HMRC updated the TRS Manual during December 2021
New rules that came into force from 1 September 2021 that mean that most trusts (unless excluded) now need to be registered on HMRC’s Trust Registration Service (TRS). Registration should be completed by 1 September 2022 or within 90 days of the trust’s creation, if later.
HMRC made several updates to the TRS Manual during December 2021. Details of the sections updated in the manual are available here.
Whilst many of these amendments were largely cosmetic, some further clarification was provided around excluded trusts where the trust holds a life assurance policy(ies) which has acquired a surrender value. This may be of considerable significance to financial advisers.
The previous wording confirmed that a trust used to hold life insurance policies or healthcare policies is an excluded trust provided that the policy can only pay out on the death, terminal or critical illness or permanent disablement, or to meet the healthcare costs, of the person assured.
If the trust holds multiple policies, all policies must meet these conditions for the trust to be excluded from registration. This exclusion is not available if the trust also holds a policy(ies) that does not meet the above conditions or any other assets.
The amendment provides more clarity around a trust holding a policy that has acquired a surrender value. It makes a distinction between policies that can be surrendered (but are not able to pay out some or all of any surrender value without being completely surrendered) and those that can pay out part of the capital value during their lifetime whilst the policy remains in force.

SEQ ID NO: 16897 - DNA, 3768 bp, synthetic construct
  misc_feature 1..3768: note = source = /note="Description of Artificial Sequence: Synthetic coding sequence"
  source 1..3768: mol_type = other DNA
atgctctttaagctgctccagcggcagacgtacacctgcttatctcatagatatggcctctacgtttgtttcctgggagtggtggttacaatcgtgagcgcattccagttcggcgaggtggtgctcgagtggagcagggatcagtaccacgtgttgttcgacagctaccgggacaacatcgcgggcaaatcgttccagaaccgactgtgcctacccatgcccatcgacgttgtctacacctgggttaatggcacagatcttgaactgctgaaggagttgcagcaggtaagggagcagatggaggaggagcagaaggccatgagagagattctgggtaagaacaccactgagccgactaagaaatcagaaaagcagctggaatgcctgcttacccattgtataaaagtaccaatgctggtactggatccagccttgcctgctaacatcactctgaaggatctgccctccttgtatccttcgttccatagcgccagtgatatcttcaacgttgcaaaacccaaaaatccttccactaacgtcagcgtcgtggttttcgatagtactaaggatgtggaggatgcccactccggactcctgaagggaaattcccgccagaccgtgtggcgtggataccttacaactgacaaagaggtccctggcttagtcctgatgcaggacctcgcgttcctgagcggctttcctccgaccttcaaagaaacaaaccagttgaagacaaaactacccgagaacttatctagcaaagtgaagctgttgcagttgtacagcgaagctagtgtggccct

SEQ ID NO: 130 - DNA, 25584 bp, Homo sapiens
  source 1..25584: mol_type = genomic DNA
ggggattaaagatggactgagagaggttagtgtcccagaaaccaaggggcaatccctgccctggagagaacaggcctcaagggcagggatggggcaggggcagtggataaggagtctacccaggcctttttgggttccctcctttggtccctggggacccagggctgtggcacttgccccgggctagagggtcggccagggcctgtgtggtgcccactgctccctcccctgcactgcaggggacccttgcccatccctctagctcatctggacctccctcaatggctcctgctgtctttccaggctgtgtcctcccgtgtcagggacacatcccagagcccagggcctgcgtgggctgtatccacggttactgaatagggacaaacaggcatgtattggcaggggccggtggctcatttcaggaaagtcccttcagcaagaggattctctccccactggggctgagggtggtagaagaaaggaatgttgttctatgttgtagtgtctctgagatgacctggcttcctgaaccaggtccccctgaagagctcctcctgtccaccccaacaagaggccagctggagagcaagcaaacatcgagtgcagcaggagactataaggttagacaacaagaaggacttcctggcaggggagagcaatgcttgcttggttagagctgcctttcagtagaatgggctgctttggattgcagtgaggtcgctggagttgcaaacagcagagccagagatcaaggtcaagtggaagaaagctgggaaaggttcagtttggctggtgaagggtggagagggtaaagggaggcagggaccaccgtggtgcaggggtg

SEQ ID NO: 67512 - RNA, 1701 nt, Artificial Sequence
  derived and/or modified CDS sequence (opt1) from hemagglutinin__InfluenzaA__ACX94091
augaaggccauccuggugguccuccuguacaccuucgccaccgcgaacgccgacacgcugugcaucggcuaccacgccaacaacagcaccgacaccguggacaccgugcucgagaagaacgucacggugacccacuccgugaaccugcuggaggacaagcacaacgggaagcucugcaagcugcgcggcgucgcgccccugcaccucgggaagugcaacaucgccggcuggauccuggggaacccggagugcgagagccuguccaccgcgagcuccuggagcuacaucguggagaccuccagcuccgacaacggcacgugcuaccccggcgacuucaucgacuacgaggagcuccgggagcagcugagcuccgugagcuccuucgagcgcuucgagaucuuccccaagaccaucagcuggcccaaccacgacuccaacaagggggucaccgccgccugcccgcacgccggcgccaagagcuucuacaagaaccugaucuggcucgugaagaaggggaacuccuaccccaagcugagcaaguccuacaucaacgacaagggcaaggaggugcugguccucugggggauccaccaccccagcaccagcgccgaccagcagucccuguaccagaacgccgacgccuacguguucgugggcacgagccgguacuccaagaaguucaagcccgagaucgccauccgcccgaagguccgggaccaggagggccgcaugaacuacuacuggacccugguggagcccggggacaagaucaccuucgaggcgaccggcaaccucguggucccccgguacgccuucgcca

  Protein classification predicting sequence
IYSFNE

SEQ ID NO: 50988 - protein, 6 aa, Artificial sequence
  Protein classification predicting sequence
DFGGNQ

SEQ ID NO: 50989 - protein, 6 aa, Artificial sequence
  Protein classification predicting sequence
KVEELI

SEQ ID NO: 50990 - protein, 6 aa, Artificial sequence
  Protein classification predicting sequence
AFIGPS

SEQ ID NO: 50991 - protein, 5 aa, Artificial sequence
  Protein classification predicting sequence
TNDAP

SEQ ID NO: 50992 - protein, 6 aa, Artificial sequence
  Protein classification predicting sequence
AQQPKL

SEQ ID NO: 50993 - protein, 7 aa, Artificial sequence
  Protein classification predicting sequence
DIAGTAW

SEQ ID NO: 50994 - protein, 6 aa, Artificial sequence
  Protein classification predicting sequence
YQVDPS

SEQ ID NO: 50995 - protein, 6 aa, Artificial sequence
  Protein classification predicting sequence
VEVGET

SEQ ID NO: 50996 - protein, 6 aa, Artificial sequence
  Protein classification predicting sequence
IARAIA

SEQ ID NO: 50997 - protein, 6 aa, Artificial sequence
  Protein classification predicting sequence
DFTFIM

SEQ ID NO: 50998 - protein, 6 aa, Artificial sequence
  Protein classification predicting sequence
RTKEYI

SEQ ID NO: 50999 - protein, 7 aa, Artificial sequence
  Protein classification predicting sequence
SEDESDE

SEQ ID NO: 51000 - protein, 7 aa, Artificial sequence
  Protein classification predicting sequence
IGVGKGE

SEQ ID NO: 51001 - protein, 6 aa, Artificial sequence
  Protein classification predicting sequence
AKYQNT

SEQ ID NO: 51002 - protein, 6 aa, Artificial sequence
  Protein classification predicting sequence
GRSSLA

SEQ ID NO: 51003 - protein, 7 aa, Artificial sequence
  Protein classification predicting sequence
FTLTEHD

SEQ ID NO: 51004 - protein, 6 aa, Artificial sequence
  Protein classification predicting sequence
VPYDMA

Page TRSM23030 of the TRS Manual now confirms that a trust holding a policy with a surrender value which can only be accessed on full surrender of the policy during the lifetime of the person assured can qualify as an excluded trust as, in such cases, the full surrender of the policy is not the same thing as a ‘pay-out’ from that policy. Should, however, the policy be surrendered and the proceeds remain held in the trust, the trust would need to be registered at that point.
On the other hand, if the trust holds a life policy that ‘is designed to provide regular or periodic payments to the policyholder in the form of surrenders or part surrenders during the term of the policy, with a small life assurance element payable on death which is incidental to the benefits provided through the surrenders’ then the trust cannot qualify as an excluded trust.
This is because the ability to take such withdrawals is an integral part of the design of the policy and so constitute ‘pay-outs’ from the policy, whether or not such pay-outs are actually taken. Investment bonds are specifically referred to as being such policies. An example is provided which confirms that the exclusion remains unavailable even if the option to take withdrawals from the policy is not exercised.
Whilst this update provides a little more clarity, there are still some grey areas around, for example, flexible whole life policies which may have acquired significant surrender values due to selection of a relatively low sum assured and it is hoped that further clarification will be provided in the future.
In any event, trustees of trusts which qualify as excluded trusts, and their advisers, may wish to consider registering the trust voluntarily on the TRS to meet their general duties of record keeping. Further details are available here.
Our website provides further information on the TRS, trustees’ duties and responsibilities and on how we can register trusts on the TRS on the behalf of trustees.